The Naming of American Legion Post 233, Loganville, Georgia
On November 21, 1948, a committee from the Loganville American Legion Post met and chose a name. The actual words of the committee are:
“We your committee, after due care not to let the matter get into political influences and with respect to all the good people of this community, decided to name it as the losses came and honoring all the boys of the town, agreed to call the post BARRETT-DAVIS-WATSON POST for the ones who did not come back.”
S. B. Stevens
B. W. Towler
A. L. Sellers
Guy Jennings Barrett, Jr.
Guy Jennings Barrett, Jr. was born in Jersey, Georgia and later made his home in Loganville, Georgia. He enlisted in the Naval Air Corps on August 20, 1942 and trained at Athens Preflight School and later at Olathe, Kansas. Guy received his commission at Corpus Christi, Texas and joined Squadron VF-26 in Alameda, California.
Early in the morning of October 24, 1944, he was the fourth to take off to fly over Japan on target combat air patrol. Guy was in the air a short time when witnesses saw him crash into the water, about 125 miles from Leyte Island. A painstaking search was conducted but he could not be found.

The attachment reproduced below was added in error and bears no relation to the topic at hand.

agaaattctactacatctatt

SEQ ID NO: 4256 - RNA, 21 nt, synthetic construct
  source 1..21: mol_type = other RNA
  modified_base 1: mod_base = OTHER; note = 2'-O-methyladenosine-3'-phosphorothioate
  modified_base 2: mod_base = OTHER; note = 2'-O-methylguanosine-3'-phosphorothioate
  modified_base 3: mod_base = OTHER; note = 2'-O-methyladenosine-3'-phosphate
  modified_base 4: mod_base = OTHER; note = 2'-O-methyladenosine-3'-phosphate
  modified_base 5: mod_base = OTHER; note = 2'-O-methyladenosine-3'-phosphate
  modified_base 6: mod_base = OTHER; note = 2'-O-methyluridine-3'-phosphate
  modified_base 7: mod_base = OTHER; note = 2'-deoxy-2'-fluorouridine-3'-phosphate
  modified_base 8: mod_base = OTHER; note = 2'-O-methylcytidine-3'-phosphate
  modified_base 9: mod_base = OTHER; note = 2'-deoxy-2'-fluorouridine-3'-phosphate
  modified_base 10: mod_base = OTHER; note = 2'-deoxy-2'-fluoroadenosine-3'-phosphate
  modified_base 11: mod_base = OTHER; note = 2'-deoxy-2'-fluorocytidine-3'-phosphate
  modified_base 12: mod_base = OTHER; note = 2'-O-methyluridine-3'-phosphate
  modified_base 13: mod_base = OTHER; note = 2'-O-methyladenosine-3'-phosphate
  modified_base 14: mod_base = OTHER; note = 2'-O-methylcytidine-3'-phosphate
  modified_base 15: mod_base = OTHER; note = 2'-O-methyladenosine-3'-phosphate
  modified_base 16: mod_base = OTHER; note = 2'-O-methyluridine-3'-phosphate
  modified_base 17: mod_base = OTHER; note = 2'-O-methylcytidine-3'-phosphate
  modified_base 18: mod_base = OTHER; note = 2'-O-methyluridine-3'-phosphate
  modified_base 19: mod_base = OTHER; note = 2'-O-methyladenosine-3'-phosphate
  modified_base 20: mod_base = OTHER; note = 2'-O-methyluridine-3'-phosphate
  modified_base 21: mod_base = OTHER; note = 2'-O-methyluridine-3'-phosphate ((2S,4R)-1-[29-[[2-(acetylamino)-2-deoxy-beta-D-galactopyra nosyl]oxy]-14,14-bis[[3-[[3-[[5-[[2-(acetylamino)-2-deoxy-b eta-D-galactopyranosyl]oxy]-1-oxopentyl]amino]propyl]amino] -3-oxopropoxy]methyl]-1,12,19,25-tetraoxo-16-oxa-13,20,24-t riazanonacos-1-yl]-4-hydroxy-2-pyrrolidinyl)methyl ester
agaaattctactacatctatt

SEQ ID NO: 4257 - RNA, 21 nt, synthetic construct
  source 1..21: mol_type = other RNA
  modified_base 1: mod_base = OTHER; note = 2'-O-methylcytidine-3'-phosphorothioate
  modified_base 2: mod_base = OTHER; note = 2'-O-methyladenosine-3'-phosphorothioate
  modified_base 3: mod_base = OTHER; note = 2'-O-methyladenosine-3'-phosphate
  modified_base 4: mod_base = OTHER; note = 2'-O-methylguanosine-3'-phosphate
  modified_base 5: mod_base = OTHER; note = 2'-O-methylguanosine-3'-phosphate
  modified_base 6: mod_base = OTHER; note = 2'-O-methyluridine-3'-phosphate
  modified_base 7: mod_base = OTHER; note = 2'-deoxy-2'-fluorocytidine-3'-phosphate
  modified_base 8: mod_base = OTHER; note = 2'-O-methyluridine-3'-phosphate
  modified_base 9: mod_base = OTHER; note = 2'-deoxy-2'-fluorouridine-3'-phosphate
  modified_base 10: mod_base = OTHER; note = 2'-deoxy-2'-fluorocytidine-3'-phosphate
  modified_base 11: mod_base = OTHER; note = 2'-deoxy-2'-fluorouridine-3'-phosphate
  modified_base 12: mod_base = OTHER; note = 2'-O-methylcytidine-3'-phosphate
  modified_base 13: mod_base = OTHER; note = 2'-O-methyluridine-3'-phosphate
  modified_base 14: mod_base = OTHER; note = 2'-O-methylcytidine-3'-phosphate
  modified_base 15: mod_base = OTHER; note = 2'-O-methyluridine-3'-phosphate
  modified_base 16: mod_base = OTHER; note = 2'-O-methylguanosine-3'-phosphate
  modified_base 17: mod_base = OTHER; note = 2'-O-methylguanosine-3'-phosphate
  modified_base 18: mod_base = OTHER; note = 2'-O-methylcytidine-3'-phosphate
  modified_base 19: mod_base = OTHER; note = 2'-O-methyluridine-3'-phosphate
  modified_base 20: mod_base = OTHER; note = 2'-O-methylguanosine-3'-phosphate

Raymond Martin Davis, Jr.
Raymond Martin Davis, Jr. was the son of Mr. and Mrs. Raymond Davis, Sr. and graduated from Loganville High School. He enlisted in the United States Army on November 18, 1943.
Raymond completed basic training at Camp Shelby, Mississippi and embarked for Europe from Camp George B. Meade, Maryland. He landed in southern Italy on July 1, 1944, where he remained for thirty days before going into battle. Raymond was part of the invasion of Southern France with the 7th Infantry Division. He was killed in combat on February 3, 1945 in Epinal, France.
William Leamon Watson
William Leamon Watson was born in Lawrenceville, Georgia and graduated from high school in Commerce, Georgia. His family moved to Loganville when he enlisted in the United States Army on September 16, 1940.
Leamon trained at Fort Benning, Georgia and joined the 36th Armored Infantry Regiment. As part of the Third Armored Division, he fought in five western European campaigns. Leamon was one of two volunteers for a very dangerous mission, who, with General Maurice Rose, died in combat on March 31, 1945, near Paderborn, Germany.